about soon after you first arrived in the state legislature and it was about the issue of abortion which is very timely right now. i want to read from this, from your book. youel immediately, correct me ii misremember in the story here governor, merely propose legislation to pro-life legislation to curtail abortion rights or however you would like to describe it. some of the republicans obviously pro life republicans in the legislature told you it was bad strategy but they were not pleased with that. you immediately e-mailed your constituents back home, that e-mail made its way into a blog. and it became much the topic of conversation in your stage. you write about the articles that were written for the article made me sound arrogant and naïve and frankly i was.
i'd sent the message to everyone that i could not be trusted by disagreeing with someone i would start attacking them with e-mails to constituents. talk to me about how informative that decision was and how you developed your governing style even on issues where youy are extremely passionate and you are very principled. and howiv that approach is how u governed as a chief executive? >> that situation, i was brand-new to the legislature. i wanted to do something impactful. we c had just had a ballot initiative that would have completely banned abortions in the state. it had gone to the public and it had failed. i wanted to immediately bring another bill forward that would have the debate in the legislature. i remember having a meeting with those who cared about this issue and just being shocked the statesng and president of righto life was against bringing a bill. it was a man for my own district
for the other representative but he was also was my husband's cousin. that tells you how small south dakota is. but i was just so surprised by it i went and immediately after that meeting e-mail people back home and said they needed to call him and talk to him. and that made into the public news stories. and i just realized immediately how bad i sounded, like a know it all i did not even go to him and discuss it with him but instead i decided too or e-mailing people back home who did not have a a context of what was said in that meeting or the strategy behind it. it was a very teachable moment for me. i did not want to be the kind of person who ambushed others in policy. and i recognize that trust is something you create an environment where you build a team. l it's not either you trust somebody or jolt it's almost like a bank accounts. you do different actions how you treat people, how you talk to them, how dependable you are is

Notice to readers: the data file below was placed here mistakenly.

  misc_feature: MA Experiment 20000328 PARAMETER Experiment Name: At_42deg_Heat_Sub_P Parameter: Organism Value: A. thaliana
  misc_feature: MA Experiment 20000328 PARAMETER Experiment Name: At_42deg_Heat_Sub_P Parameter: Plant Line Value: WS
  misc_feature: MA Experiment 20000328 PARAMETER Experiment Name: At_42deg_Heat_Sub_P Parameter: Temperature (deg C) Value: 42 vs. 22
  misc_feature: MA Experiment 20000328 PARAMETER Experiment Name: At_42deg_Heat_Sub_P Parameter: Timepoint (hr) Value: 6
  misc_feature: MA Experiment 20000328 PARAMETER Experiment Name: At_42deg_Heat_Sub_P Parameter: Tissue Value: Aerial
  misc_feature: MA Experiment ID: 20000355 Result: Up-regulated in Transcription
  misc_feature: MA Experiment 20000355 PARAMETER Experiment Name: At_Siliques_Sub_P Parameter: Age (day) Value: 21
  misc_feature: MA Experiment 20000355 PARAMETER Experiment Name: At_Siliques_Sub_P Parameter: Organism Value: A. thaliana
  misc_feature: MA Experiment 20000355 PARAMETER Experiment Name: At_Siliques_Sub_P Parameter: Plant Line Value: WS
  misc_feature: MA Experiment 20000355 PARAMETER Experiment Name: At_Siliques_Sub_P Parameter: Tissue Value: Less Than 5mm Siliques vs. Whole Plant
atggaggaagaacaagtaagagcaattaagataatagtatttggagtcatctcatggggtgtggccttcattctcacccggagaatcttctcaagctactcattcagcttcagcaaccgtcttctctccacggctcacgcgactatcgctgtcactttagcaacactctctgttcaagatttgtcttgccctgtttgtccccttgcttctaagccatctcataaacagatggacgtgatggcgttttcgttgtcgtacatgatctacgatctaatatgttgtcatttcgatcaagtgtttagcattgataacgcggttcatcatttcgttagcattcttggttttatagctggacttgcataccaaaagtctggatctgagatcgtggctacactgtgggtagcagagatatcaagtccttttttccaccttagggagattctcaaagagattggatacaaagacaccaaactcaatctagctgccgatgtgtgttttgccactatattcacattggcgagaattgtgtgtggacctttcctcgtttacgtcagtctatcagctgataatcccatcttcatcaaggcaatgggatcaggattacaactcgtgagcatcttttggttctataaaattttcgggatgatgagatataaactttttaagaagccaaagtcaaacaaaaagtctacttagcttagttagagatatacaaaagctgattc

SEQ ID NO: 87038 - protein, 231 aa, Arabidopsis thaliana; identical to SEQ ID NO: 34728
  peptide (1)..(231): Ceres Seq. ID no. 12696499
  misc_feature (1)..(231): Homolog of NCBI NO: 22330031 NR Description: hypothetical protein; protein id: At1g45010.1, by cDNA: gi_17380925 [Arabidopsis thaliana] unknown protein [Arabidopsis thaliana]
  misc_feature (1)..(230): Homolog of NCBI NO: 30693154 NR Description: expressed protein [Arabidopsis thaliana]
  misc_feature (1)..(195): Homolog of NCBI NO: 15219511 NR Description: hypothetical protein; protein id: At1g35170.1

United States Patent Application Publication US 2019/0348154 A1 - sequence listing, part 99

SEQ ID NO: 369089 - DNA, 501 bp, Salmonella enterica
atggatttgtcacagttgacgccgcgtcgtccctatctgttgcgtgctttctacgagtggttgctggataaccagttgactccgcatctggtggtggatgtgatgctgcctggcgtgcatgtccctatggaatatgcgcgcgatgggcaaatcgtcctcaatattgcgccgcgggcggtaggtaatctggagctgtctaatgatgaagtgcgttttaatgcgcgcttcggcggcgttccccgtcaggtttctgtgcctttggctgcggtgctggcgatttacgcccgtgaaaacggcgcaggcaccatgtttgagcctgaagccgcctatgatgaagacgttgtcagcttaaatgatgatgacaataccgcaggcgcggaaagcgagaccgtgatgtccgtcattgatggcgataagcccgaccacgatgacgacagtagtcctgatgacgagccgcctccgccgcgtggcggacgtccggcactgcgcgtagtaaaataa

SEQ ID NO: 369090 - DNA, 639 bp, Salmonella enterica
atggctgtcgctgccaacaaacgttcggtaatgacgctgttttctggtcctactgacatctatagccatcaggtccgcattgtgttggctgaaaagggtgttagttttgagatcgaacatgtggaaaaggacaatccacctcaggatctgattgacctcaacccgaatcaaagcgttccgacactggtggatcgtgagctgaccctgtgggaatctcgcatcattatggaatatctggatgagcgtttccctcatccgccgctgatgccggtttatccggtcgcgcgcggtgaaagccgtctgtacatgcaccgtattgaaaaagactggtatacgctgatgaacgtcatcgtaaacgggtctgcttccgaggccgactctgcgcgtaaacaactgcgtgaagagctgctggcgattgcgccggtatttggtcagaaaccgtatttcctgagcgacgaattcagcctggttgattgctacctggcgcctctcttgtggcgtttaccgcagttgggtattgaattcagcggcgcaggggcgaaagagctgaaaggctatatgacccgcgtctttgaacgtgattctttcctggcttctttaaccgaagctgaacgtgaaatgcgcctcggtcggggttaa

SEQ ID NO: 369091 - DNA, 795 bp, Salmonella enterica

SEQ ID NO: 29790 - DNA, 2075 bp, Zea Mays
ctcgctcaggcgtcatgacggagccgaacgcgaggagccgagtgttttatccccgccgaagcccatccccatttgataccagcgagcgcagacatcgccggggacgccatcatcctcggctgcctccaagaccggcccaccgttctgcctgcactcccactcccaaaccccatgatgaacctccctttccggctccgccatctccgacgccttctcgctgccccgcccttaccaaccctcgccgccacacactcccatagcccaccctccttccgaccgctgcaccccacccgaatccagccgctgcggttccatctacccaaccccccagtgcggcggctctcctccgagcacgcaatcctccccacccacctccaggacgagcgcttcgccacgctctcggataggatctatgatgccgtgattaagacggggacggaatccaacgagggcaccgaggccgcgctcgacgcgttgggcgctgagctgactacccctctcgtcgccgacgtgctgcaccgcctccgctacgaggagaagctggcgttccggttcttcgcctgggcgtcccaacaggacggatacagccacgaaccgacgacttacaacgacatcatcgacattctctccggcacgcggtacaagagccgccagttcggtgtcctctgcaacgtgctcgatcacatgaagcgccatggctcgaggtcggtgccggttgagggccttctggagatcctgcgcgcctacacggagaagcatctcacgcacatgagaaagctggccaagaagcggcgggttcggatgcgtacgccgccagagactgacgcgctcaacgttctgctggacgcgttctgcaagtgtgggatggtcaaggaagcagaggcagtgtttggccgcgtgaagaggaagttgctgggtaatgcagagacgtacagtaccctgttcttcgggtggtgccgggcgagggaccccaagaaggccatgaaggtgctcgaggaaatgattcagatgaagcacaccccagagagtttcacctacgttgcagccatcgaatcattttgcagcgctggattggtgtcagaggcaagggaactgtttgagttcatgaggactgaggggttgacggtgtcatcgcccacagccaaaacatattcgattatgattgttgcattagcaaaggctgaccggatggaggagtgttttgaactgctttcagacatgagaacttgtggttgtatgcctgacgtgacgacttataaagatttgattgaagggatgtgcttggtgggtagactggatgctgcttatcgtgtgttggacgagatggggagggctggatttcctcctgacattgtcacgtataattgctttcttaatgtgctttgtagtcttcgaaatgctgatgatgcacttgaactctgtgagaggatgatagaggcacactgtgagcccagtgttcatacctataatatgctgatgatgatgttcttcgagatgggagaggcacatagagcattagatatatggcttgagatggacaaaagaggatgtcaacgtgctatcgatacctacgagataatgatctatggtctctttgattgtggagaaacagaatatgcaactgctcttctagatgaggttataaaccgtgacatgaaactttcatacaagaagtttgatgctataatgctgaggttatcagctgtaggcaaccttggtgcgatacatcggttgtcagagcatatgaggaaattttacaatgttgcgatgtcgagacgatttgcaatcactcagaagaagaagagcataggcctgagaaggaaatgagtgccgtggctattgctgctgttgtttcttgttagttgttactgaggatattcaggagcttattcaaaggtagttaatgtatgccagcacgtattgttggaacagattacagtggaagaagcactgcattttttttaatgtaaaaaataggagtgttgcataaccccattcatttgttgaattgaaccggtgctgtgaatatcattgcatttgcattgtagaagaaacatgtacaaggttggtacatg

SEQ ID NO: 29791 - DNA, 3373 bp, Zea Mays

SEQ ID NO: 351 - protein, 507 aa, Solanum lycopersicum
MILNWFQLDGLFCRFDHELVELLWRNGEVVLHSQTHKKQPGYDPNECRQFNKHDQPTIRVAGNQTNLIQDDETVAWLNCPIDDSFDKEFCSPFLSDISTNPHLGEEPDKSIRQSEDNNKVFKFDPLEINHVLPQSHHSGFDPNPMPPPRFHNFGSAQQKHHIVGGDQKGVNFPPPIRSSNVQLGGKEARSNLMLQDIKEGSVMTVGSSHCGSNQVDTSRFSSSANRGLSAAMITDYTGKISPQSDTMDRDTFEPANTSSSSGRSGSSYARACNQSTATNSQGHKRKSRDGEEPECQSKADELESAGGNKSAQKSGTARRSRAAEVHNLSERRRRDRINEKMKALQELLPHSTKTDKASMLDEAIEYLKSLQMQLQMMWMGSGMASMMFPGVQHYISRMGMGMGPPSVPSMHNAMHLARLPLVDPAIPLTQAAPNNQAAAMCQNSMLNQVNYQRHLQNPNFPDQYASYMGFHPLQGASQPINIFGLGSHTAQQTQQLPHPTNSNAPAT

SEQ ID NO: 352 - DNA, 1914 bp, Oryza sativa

building trust day after day after day put a one of my colleagues to know i was someone who iss reasonable, logical, smart and could look at the consequences of everything that we did and make sure it was the right thing to do. so i appreciatedw that teaching lesson. it was pretty miserable because i was brand-new. everybody avoided me after that. everybody was talking about me. i felt that i'dha really gotten off on the wrong foot. that is when the majority leader, larry came to me invited me out to dinner that night he tells everybody the reason he did that as he went around too other members and people that worked in the legislature lobbies and said hey do you want to goav have dinner with kristi noem and me? she doesn't have any friends. [laughter] they agreed and those before men that came to that dinner that night with this young mom and shared a meal andnd also their thoughts and knowledge about the
legislature's are still my dearest friends today. >> i think one of the reasons that particular anecdote from not my first rodeo: lessons from the heartland jumped out at mere as we are talking in the immediate aftermath of the supreme court decision and jackson women health center. and as you are well aware of the country is welll aware that decision overturn roe versus wade and eliminated federal protections for abortion rights and has returned that question to the states. what does abortion -- what to abortion rights look like in south dakota in the aftermath of you in the legislature now having the ability to decide on this question? >> in 2005 south dakota hadce passed a bill that put in place a trigger law that said if role was ever overturned that abortion will be illegal in thef state except to save the life of a mother. so that is the law today.
>> where does the prohibition begin in pregnancy question is the life of the mother the only exception? >> the life of the mother is the only exception today as the statute reads. it is not any consequences against the mother. it would not add any kind of punishment would be on the doctor's responsibility. for a doctor who would knowingly break the law, they are the ones who would be prosecuted. never the women would be involved in the situation with an unplanned pregnancy or crisis they feel they may be facing because of the situation. >> were to south dakota law in this trigger law -- orders the prohibition come in at conception, 16 weeks, 15 weeks, or is it? >> it is in the first trimester. it is when that pregnancy can be detected. that is part of the debates. if you remember, the next case to come before the supreme court